// glucose level
            string bloodPressure;  
// blood pressure

For each class, you need to write the following: an appropriate constructor, set and get functions as needed, and print functions to print the values of the attributes on the screen.  The main member functions for the HealthRecords class are summarized below. 


▪  void HealthRecords::createNewPatient (string fName, string lName, long pSSN, char gender, string birthDate);


This function creates a new Patient object by calling the appropriate constructor. You should validate the given patient’s data before creating a new object. You should not create a new object if pSSN matches an existing patient’s SSN; just print an error message. Otherwise, you should create an object and add it to the patientsRecords vector and display a message that the patient object was successfully added. 

Note that patientCheckups vector is initially empty. It is updated in addPatientCheckup method.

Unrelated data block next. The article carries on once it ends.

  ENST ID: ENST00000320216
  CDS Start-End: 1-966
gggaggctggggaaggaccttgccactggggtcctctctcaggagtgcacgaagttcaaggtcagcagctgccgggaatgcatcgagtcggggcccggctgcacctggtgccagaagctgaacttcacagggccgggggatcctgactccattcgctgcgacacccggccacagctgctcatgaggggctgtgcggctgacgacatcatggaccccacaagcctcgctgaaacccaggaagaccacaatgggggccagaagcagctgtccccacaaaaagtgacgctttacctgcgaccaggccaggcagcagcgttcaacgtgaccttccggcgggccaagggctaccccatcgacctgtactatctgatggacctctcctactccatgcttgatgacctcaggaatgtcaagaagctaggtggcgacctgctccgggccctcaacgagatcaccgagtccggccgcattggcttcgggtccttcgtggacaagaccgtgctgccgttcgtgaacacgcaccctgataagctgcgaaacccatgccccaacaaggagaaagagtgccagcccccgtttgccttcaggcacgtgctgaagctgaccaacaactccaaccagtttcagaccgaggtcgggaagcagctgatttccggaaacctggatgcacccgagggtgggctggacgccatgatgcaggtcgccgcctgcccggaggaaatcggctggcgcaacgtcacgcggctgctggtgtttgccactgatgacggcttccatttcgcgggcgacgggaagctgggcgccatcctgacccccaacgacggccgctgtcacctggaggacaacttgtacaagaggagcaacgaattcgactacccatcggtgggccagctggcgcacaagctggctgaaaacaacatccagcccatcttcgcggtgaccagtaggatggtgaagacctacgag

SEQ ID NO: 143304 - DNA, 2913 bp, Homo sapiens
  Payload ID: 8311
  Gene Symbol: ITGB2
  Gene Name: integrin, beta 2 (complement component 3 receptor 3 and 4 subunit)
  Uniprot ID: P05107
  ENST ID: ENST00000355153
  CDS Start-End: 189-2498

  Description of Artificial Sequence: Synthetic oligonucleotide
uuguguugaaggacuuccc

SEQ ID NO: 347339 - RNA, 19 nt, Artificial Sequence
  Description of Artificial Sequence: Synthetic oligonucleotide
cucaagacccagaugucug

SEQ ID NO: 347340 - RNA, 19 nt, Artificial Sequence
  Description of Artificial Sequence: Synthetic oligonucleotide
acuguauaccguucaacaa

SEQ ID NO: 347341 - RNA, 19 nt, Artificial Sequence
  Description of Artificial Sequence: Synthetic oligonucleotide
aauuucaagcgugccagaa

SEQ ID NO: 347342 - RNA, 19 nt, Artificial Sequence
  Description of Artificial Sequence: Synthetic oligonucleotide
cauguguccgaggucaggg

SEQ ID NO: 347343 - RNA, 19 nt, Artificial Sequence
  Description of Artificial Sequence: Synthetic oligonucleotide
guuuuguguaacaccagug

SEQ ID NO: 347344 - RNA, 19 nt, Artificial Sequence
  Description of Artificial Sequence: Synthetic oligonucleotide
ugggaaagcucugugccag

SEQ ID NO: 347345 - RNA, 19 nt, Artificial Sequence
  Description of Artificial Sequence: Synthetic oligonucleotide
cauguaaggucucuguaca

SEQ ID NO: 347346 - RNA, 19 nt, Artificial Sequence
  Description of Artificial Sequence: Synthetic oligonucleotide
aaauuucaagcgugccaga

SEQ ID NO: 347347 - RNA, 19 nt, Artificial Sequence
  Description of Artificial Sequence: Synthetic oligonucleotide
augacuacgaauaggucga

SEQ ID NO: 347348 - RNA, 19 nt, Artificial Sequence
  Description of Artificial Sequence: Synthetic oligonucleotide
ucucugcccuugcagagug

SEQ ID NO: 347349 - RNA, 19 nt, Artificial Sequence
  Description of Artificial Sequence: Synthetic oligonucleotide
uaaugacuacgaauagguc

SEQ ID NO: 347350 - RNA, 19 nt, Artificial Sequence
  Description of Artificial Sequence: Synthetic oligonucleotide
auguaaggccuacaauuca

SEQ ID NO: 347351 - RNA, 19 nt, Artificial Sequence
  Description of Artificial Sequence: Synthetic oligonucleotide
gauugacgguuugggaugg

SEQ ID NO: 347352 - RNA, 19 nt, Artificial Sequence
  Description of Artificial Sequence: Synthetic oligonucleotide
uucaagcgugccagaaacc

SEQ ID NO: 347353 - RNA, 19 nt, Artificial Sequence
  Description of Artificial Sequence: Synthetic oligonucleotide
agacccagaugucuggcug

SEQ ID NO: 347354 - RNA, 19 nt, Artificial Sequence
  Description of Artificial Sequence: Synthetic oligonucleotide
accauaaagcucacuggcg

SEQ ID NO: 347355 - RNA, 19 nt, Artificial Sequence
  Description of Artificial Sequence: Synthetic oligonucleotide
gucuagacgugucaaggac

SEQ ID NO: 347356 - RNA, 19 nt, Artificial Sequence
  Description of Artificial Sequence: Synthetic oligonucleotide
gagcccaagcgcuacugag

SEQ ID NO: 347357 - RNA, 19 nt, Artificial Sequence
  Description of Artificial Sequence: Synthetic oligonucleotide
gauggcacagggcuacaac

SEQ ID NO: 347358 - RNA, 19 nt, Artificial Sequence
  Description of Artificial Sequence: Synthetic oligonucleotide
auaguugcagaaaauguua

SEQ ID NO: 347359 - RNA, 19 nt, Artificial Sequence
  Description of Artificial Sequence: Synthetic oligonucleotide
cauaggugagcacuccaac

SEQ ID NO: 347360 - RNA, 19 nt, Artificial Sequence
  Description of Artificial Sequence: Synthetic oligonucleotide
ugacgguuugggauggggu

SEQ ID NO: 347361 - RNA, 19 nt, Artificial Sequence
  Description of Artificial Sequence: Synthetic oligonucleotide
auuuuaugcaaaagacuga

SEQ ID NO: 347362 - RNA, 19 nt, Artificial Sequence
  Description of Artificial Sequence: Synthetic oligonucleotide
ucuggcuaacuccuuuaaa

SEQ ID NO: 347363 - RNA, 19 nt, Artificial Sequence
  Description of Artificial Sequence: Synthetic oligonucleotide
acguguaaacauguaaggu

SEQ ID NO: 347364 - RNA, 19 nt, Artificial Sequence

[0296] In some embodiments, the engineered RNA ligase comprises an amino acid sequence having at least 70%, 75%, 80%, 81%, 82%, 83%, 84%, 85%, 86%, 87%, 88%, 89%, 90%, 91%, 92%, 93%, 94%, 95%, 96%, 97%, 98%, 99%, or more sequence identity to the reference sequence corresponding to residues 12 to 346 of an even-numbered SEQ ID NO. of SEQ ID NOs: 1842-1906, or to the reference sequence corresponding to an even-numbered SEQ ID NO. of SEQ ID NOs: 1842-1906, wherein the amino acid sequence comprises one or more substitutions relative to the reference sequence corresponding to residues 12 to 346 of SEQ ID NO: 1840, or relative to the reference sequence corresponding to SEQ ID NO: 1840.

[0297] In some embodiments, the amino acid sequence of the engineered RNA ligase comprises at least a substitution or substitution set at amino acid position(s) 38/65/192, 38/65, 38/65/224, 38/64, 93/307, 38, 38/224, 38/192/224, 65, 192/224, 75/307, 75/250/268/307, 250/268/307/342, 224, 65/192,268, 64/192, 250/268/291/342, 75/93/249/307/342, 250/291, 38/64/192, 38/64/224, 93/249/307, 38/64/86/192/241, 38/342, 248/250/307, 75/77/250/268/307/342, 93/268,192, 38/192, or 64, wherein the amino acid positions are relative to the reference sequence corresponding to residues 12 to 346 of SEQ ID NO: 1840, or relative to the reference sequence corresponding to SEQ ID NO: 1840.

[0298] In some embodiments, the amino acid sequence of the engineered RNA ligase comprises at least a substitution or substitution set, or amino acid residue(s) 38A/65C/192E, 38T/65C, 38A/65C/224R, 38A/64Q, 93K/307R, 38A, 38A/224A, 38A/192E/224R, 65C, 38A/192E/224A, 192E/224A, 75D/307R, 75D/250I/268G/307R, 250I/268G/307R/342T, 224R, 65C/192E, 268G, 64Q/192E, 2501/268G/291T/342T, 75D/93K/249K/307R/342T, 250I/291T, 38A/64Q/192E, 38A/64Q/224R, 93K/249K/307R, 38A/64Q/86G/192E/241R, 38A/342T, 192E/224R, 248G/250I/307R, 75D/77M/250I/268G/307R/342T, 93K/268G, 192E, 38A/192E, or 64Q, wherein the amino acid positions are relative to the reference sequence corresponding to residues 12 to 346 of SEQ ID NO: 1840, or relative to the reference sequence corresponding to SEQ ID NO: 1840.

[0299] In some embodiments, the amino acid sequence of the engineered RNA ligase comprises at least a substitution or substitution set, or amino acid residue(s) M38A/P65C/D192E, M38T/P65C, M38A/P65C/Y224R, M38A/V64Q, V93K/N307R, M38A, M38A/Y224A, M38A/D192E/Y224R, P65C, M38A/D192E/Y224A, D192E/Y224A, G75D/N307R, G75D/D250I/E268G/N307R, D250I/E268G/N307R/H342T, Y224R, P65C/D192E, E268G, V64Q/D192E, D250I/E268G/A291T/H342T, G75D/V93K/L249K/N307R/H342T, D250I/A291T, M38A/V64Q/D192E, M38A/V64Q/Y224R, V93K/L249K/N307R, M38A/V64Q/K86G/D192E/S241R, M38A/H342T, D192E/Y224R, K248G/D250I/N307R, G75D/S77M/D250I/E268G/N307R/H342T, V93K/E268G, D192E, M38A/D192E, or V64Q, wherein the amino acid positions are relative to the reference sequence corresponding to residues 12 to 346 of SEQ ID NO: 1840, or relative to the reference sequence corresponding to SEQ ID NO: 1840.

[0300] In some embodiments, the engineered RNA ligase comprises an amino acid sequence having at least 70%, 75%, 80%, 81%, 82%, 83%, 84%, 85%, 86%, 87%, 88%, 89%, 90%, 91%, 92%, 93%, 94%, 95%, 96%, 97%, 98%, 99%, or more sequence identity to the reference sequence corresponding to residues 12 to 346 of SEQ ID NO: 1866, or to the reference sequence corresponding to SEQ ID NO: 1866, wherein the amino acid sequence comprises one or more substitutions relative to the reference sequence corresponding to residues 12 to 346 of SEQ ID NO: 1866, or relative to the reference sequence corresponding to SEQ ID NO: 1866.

▪  void HealthRecords::printAllPatients(); 


This function prints basic information about all patients in the patientsRecords vector. For each patient, you should print the following information: patient’s account number, first name, last name, gender, date of birth. If there are no patients, you should print an appropriate error message.


▪  void HealthRecords::addPatientCheckup (long pNum, string cDate, double pHeight, double pWeight, double pCholesterol, double pHDL, double pTriglyceride, double pGlucose, double pBloodPressure);